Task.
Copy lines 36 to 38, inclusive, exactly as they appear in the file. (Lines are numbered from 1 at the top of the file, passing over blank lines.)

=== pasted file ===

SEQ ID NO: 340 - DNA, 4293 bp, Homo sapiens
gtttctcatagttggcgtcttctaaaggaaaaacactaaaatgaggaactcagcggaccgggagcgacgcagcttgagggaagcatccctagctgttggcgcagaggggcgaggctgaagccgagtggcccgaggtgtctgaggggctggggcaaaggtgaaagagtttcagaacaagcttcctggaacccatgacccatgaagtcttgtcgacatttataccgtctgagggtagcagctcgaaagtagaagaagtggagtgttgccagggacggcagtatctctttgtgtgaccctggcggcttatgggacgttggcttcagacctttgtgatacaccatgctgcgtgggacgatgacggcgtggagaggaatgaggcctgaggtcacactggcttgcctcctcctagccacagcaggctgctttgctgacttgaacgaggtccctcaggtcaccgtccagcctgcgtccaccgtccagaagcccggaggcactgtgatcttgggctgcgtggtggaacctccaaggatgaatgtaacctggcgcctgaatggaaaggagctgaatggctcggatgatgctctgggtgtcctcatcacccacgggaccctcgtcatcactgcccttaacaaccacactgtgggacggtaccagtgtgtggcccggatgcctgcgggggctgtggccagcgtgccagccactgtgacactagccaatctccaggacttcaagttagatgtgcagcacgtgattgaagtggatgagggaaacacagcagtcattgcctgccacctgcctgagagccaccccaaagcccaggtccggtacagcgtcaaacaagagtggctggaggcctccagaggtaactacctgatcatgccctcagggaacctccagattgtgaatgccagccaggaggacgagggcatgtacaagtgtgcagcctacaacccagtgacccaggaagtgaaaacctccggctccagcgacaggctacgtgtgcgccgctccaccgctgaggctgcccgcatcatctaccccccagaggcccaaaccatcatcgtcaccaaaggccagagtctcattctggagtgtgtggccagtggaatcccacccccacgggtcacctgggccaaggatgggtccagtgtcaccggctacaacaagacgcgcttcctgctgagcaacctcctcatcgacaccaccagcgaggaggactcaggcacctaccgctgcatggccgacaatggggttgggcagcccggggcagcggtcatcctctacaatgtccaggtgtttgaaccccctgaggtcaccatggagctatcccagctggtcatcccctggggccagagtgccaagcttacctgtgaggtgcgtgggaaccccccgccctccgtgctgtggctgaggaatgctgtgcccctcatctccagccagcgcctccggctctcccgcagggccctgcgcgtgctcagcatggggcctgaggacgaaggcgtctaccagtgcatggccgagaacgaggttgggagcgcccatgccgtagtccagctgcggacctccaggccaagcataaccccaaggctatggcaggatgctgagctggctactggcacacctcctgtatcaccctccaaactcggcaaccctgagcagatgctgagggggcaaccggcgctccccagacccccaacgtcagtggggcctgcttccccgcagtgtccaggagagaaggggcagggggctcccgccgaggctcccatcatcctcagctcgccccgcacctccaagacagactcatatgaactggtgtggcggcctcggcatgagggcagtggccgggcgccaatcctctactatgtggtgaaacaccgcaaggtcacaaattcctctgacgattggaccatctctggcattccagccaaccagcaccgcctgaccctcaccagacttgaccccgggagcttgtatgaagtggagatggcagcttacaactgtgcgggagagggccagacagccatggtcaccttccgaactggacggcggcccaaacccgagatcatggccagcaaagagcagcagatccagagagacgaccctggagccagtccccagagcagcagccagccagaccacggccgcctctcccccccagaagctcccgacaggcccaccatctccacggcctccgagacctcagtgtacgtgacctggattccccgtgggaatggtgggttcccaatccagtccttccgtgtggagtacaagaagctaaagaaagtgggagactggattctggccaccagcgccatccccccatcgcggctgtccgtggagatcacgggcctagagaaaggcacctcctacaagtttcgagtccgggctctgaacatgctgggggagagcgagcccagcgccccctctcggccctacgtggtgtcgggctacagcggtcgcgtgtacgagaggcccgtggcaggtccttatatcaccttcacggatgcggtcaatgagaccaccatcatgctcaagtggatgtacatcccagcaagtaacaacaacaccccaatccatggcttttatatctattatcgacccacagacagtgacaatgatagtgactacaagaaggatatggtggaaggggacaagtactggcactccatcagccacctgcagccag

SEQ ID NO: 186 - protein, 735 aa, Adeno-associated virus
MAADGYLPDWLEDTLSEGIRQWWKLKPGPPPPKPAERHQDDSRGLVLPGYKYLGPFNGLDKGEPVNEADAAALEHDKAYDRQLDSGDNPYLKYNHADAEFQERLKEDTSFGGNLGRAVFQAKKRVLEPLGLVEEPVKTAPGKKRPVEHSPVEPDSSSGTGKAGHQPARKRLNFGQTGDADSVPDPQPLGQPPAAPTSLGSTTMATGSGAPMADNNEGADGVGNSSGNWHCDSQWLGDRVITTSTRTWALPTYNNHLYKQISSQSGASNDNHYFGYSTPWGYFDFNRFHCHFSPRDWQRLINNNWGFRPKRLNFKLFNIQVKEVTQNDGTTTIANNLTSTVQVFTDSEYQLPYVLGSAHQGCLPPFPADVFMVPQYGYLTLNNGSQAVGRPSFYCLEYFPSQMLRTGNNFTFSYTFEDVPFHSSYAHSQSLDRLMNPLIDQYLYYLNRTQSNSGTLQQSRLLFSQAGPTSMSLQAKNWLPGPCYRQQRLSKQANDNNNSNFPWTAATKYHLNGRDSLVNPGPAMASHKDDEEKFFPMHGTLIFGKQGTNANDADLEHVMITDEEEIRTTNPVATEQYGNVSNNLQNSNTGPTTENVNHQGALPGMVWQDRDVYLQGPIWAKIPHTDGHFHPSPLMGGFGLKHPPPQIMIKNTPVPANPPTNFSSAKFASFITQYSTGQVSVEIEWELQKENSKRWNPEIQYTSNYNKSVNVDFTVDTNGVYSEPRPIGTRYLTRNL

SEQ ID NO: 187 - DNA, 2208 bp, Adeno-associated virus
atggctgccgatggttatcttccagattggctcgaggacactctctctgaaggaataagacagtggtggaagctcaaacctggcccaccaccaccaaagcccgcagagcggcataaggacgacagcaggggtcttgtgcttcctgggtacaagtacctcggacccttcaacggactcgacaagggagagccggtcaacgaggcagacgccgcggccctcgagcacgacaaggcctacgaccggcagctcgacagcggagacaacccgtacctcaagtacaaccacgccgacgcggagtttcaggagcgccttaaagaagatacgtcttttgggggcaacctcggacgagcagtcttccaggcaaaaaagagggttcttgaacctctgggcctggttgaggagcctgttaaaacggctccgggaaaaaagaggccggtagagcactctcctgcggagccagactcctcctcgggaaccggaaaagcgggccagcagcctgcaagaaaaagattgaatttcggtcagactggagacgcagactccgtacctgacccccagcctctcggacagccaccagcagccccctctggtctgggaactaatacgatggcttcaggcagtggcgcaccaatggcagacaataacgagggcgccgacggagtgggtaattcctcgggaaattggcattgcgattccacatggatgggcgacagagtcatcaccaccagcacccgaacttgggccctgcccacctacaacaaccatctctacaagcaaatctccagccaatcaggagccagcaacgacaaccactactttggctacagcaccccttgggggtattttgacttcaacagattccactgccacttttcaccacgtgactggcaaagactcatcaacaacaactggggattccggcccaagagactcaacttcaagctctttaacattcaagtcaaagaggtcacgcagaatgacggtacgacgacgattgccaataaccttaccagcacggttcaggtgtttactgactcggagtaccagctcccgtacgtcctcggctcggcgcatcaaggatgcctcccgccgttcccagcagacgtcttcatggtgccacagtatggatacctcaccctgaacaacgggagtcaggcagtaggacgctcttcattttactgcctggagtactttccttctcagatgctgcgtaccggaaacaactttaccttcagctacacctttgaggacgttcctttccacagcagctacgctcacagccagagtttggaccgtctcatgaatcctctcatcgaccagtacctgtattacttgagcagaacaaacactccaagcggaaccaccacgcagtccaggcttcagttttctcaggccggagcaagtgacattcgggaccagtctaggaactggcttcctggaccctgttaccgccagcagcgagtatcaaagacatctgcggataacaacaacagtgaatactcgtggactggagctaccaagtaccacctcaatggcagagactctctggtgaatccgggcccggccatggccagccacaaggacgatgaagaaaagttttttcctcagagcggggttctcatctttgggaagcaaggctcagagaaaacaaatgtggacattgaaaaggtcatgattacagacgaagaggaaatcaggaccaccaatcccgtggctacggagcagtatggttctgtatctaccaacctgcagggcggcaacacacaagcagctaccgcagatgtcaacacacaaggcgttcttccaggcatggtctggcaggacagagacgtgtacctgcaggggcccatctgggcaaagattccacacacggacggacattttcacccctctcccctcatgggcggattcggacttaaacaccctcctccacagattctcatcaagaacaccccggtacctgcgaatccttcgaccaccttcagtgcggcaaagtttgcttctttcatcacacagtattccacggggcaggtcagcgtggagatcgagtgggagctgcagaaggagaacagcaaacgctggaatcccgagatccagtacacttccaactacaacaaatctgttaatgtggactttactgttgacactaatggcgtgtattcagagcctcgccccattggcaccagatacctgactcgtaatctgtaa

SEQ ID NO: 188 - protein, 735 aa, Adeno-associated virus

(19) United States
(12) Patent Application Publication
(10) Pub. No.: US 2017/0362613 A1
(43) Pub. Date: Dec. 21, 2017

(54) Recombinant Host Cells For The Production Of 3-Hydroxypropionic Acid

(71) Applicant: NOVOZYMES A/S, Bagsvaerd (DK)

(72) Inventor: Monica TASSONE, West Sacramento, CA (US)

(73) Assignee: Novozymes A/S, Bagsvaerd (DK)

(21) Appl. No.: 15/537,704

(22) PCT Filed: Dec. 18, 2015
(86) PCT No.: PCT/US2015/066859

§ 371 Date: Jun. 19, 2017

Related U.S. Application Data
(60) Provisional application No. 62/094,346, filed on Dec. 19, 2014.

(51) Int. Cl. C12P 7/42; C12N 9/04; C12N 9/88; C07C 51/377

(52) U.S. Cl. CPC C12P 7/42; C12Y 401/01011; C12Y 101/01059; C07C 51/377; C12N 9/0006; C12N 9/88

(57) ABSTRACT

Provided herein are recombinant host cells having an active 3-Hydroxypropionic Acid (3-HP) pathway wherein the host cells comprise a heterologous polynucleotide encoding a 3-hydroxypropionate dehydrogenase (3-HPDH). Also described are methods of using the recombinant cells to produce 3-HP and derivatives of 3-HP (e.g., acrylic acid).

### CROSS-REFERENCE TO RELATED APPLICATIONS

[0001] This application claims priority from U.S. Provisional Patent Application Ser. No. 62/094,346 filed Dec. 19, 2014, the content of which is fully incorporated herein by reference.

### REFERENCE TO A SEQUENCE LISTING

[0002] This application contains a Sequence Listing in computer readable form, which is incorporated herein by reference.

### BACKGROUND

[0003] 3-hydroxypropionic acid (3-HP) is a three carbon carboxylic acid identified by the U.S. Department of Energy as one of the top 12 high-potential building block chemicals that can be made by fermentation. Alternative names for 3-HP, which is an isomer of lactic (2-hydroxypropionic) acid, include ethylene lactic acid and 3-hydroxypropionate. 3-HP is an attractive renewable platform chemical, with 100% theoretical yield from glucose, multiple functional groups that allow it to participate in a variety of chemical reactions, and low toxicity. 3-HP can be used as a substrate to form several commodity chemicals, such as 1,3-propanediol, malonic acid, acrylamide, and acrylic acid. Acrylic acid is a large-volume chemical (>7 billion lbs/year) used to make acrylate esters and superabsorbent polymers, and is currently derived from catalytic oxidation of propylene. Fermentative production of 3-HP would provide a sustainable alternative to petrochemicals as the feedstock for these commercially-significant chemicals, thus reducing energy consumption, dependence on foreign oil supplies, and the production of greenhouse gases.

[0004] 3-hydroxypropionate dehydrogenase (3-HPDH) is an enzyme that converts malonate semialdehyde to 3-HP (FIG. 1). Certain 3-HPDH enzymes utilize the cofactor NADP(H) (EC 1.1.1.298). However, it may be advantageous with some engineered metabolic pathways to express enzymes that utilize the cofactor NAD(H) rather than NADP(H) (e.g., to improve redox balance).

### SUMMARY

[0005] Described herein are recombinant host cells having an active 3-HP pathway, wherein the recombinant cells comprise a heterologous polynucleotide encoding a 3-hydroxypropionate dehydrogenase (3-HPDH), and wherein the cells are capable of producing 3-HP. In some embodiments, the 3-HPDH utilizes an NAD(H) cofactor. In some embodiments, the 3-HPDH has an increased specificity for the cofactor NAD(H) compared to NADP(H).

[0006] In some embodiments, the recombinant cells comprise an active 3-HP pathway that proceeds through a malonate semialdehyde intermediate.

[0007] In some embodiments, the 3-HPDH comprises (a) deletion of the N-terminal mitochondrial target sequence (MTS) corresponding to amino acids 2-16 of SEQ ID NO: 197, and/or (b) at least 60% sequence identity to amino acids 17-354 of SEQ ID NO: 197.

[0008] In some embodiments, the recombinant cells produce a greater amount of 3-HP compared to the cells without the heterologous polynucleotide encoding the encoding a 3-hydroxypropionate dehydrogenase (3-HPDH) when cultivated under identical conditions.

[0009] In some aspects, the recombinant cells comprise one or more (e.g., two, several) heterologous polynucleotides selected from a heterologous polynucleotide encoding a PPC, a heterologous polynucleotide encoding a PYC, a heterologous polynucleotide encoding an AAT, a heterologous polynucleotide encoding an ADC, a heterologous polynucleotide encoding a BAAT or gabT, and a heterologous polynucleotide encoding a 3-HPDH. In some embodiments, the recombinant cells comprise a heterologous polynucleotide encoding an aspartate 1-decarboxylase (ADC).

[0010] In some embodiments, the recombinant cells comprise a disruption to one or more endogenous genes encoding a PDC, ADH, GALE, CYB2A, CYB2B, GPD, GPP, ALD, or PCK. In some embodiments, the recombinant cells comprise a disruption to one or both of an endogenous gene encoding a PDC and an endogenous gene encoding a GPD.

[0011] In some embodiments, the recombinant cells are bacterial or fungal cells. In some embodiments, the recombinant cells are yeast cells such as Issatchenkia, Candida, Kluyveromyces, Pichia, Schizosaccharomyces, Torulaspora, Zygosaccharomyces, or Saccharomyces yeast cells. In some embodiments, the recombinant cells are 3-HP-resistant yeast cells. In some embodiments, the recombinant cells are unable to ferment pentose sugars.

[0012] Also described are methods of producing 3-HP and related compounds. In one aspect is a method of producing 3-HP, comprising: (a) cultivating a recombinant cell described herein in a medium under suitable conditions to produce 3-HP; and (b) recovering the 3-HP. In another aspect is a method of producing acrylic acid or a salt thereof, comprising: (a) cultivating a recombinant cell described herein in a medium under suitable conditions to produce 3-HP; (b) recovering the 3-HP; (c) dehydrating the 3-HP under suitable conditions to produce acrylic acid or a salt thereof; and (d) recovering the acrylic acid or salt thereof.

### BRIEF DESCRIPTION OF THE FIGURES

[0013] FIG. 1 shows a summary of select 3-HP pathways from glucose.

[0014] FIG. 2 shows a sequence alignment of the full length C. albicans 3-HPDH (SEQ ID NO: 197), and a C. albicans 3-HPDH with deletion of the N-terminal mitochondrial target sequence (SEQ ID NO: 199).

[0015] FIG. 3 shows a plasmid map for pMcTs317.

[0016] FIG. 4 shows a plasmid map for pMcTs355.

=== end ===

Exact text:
[0007] In some embodiments, the 3-HPDH comprises (a) deletion of the N-terminal mitochondrial target sequence (MTS) corresponding to amino acids 2-16 of SEQ ID NO: 197, and/or (b) at least 60% sequence identity to amino acids 17-354 of SEQ ID NO: 197.

[0008] In some embodiments, the recombinant cells produce a greater amount of 3-HP compared to the cells without the heterologous polynucleotide encoding the encoding a 3-hydroxypropionate dehydrogenase (3-HPDH) when cultivated under identical conditions.

[0009] In some aspects, the recombinant cells comprise one or more (e.g., two, several) heterologous polynucleotides selected from a heterologous polynucleotide encoding a PPC, a heterologous polynucleotide encoding a PYC, a heterologous polynucleotide encoding an AAT, a heterologous polynucleotide encoding an ADC, a heterologous polynucleotide encoding a BAAT or gabT, and a heterologous polynucleotide encoding a 3-HPDH. In some embodiments, the recombinant cells comprise a heterologous polynucleotide encoding an aspartate 1-decarboxylase (ADC).